LOGBOOK 3 : Youth Work as a Profession


Again ahead of our conference which will be tangling with dilemmas posed by a fractured landscape of youth work and a fragmenting workforce or profession, POYWE [Professional Open Youth Work Europe] has produced its latest impressive e-magazine, Logbook 3. Its theme is youth work as a profession viewed theoretically and through the prism of examples in practice from Croatia, Lithuania, Finland, South Tyrol and across the ocean, Indianopolis. It also includes interviews with youth workers undertaken by our own Pauline Grace.

As it happens it contains also a typical rant from me about neoliberalism’s impact on open youth work.

Hence it’s never been keen on the questioning, improvisatory and unruly world of open youth centres and projects. It fears a dialogue that fosters critical thought. It mistrusts a space, where young people create their own autonomous groups and agendas. It is deeply suspicious of an unpredictable process, which refuses to guarantee its destination. Above all it is impatient. It has no time for time, no time for the uneven pace of making conversations and relationships.

And so on and so on! The managing director of POYWE, Marc Boes is not impressed. He responds in a complementary opinion piece, implying that we [I] fall into the trap of simply complaining about the ‘Other’ rather than reflecting upon ourselves.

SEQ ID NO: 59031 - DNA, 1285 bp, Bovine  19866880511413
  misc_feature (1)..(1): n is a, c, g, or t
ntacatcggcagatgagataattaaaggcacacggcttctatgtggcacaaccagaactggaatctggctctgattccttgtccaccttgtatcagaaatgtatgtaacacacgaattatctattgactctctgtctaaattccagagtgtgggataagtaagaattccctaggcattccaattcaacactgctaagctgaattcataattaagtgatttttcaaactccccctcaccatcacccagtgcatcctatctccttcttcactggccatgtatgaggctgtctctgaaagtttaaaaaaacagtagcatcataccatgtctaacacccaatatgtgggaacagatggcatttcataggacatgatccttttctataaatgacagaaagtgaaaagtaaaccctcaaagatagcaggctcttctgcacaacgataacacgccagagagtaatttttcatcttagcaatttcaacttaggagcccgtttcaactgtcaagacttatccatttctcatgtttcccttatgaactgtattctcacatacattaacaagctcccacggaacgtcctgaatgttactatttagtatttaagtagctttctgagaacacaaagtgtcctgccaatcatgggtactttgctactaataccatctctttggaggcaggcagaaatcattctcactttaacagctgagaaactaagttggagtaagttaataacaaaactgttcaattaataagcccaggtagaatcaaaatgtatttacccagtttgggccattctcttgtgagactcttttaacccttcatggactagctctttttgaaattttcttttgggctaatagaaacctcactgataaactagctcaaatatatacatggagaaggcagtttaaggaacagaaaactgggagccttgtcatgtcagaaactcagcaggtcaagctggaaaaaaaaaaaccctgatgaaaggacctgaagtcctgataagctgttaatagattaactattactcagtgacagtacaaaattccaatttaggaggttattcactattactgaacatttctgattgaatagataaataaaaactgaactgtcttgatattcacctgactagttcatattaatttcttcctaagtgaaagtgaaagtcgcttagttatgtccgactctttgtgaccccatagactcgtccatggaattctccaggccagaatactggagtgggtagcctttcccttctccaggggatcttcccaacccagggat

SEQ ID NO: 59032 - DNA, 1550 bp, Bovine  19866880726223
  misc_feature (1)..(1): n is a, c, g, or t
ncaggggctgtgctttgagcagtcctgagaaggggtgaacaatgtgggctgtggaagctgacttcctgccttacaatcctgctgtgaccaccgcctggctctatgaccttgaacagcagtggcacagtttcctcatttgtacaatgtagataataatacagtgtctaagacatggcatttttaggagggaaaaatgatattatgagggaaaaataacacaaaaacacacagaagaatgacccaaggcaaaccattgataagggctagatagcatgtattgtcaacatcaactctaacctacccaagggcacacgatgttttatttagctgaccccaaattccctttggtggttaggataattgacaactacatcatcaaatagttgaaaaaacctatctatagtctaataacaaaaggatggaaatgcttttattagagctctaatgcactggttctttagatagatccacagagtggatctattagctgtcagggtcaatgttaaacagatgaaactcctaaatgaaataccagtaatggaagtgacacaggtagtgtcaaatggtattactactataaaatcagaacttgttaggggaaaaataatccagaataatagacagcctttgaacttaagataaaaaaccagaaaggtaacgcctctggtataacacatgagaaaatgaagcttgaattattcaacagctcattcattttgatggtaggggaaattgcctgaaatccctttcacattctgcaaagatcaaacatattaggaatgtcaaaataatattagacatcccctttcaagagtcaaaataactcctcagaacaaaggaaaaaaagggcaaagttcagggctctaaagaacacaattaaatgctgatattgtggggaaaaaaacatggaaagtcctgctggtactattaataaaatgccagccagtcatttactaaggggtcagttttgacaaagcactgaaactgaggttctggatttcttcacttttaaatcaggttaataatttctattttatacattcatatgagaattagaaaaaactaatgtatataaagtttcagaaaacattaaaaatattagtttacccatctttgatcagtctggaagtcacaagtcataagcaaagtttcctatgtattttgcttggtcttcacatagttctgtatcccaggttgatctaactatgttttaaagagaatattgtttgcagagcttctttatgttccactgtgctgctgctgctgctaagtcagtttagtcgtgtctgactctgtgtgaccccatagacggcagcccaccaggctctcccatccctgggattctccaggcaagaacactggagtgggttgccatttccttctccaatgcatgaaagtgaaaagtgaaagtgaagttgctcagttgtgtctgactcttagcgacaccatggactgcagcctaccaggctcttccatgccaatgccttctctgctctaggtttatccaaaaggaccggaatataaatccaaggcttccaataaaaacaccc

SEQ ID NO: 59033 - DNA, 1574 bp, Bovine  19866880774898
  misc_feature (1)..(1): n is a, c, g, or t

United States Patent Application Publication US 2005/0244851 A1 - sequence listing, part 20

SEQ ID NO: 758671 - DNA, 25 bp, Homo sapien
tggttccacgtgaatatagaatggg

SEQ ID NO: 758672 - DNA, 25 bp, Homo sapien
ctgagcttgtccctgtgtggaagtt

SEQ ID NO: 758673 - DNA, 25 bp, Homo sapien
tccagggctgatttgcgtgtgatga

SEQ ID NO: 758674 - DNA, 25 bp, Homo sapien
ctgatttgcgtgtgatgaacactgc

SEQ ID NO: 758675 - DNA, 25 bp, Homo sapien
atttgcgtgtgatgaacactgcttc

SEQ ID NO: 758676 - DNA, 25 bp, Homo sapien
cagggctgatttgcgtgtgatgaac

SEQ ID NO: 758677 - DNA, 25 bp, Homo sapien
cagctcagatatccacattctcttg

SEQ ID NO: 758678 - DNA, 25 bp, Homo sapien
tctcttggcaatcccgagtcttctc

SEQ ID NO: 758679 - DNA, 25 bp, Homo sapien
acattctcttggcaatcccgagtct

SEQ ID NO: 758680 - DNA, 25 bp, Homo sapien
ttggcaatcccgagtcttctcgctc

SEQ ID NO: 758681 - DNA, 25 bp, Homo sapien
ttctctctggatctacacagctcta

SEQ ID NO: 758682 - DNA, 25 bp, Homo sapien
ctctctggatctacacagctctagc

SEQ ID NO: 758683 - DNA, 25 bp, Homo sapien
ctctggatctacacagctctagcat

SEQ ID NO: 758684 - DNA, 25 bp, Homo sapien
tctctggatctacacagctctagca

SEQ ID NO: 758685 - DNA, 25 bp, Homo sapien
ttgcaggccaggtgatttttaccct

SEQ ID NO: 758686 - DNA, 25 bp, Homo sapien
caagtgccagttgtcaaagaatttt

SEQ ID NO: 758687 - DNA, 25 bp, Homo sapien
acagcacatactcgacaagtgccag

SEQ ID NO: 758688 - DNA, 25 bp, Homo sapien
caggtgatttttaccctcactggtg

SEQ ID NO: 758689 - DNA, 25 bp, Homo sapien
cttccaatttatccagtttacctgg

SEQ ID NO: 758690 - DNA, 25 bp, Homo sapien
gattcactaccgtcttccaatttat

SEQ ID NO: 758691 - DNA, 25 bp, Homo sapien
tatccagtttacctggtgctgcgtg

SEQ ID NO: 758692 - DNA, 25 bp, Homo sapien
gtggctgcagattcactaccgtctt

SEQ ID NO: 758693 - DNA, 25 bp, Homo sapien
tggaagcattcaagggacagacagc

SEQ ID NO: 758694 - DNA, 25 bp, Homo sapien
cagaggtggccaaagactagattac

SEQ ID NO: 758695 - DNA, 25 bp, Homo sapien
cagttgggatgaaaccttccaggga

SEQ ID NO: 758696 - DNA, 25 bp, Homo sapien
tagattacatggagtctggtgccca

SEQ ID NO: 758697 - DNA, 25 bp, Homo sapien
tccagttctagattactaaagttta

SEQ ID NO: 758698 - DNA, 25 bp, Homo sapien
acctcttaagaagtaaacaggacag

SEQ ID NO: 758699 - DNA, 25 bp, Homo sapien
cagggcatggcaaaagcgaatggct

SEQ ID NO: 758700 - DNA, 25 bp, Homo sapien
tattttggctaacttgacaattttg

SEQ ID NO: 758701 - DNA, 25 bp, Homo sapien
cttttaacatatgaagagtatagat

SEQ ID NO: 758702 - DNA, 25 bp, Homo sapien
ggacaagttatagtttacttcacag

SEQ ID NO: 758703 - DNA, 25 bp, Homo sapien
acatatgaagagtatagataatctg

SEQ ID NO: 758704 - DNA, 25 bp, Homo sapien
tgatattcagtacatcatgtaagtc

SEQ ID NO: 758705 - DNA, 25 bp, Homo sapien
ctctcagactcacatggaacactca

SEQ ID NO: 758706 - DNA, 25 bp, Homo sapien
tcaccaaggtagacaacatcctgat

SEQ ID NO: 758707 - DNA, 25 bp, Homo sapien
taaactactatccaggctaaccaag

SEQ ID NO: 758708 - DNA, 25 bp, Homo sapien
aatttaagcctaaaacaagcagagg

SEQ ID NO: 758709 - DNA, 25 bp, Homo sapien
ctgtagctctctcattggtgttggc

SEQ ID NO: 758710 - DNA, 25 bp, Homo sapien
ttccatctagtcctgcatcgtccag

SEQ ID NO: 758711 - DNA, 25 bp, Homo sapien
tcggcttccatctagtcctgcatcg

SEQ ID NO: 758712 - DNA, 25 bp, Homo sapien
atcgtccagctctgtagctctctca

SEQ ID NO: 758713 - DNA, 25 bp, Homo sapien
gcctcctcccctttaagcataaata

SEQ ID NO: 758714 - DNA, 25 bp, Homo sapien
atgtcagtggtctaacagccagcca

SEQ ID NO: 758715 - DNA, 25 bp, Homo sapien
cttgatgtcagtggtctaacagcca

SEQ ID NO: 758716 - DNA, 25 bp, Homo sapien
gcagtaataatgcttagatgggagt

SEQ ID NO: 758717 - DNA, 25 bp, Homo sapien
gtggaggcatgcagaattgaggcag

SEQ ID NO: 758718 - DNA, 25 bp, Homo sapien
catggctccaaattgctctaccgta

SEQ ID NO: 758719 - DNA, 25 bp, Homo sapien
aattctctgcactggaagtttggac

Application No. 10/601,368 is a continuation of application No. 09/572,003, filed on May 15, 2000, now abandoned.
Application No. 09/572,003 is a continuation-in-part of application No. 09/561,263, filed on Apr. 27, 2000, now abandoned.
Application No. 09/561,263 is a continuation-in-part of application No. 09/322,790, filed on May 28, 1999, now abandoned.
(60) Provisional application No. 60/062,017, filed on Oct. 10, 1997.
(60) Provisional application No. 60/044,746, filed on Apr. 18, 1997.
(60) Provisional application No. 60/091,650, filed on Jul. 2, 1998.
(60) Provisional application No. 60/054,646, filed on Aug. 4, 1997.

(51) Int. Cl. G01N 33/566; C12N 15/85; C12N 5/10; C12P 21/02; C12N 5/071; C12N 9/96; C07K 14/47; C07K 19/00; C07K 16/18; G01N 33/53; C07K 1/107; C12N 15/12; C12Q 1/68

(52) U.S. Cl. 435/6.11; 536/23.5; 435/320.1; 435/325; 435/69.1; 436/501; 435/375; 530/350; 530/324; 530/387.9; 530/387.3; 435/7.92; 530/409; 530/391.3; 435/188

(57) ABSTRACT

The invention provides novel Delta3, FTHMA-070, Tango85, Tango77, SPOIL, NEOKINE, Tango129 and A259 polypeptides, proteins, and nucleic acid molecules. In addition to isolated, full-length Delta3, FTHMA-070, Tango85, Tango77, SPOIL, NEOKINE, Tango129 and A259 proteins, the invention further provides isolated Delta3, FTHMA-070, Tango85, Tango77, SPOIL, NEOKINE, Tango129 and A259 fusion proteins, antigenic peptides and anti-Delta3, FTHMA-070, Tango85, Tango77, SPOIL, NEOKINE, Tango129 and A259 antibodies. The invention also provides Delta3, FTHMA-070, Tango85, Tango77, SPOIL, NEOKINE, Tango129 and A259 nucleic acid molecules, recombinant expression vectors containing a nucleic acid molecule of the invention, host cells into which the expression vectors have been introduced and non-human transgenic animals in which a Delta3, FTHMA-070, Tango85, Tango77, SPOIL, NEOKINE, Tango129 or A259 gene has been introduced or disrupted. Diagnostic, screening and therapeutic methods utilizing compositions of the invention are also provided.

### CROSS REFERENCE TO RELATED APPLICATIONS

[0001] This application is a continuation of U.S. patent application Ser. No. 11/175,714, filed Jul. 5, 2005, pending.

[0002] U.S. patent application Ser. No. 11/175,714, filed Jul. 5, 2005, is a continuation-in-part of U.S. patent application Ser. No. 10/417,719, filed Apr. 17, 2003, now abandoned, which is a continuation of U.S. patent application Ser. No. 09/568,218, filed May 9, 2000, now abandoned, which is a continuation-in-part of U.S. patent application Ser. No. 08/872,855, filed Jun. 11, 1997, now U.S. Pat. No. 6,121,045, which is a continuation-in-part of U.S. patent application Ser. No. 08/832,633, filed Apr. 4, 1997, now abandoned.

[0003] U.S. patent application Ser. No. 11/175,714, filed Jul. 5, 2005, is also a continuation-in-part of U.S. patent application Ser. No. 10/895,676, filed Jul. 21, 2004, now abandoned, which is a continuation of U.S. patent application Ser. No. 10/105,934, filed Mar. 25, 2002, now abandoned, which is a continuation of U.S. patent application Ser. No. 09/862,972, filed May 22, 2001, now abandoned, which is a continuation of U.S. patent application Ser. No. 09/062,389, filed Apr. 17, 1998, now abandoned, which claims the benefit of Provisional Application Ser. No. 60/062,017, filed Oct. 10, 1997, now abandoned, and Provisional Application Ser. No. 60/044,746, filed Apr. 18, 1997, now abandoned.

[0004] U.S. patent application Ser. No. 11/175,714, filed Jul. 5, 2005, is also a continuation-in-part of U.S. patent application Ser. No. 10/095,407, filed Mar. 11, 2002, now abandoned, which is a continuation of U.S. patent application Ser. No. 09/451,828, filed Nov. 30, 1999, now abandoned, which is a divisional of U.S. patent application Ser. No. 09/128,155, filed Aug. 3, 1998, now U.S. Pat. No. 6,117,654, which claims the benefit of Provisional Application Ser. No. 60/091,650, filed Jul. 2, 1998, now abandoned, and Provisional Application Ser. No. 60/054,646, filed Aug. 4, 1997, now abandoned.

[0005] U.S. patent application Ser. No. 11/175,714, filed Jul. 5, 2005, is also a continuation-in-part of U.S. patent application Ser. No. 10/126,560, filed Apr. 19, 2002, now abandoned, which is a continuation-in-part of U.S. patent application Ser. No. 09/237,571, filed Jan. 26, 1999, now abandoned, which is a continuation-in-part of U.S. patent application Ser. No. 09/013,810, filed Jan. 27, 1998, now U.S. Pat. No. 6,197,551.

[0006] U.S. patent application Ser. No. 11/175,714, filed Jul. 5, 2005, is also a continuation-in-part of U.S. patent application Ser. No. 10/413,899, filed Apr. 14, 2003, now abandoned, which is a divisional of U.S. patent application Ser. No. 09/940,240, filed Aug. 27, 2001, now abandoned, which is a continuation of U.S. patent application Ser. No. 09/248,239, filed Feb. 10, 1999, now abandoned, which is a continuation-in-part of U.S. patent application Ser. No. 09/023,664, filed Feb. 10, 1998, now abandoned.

What is interesting about this is that youth work in times of cuts has the same reflex. It is all the fault of the “enemy” and we are definitely not going to take a hard look at ourselves. The point is that youth work always will be influenced by politics on which youth work has almost no influence. It is called democracy. A majority of the voters wanted to have the budget cuts, plain and simple.

Anyway see what you think, but more importantly find time to explore the diversity of excellent articles, which challenge our often insular British outlook on youth work. In addition to those mentioned above there is a discussion on developing detached work through European cooperation and a summary of young people’s and students’ expectations of open youth work.

Finally the e-magazine contains POYWE’s Declaration of the Principles of Open Youth Work, around which we hope to organise an IDYW seminar.

Read the whole magazine in full at LOGBOOK 3. Well worth the trouble.



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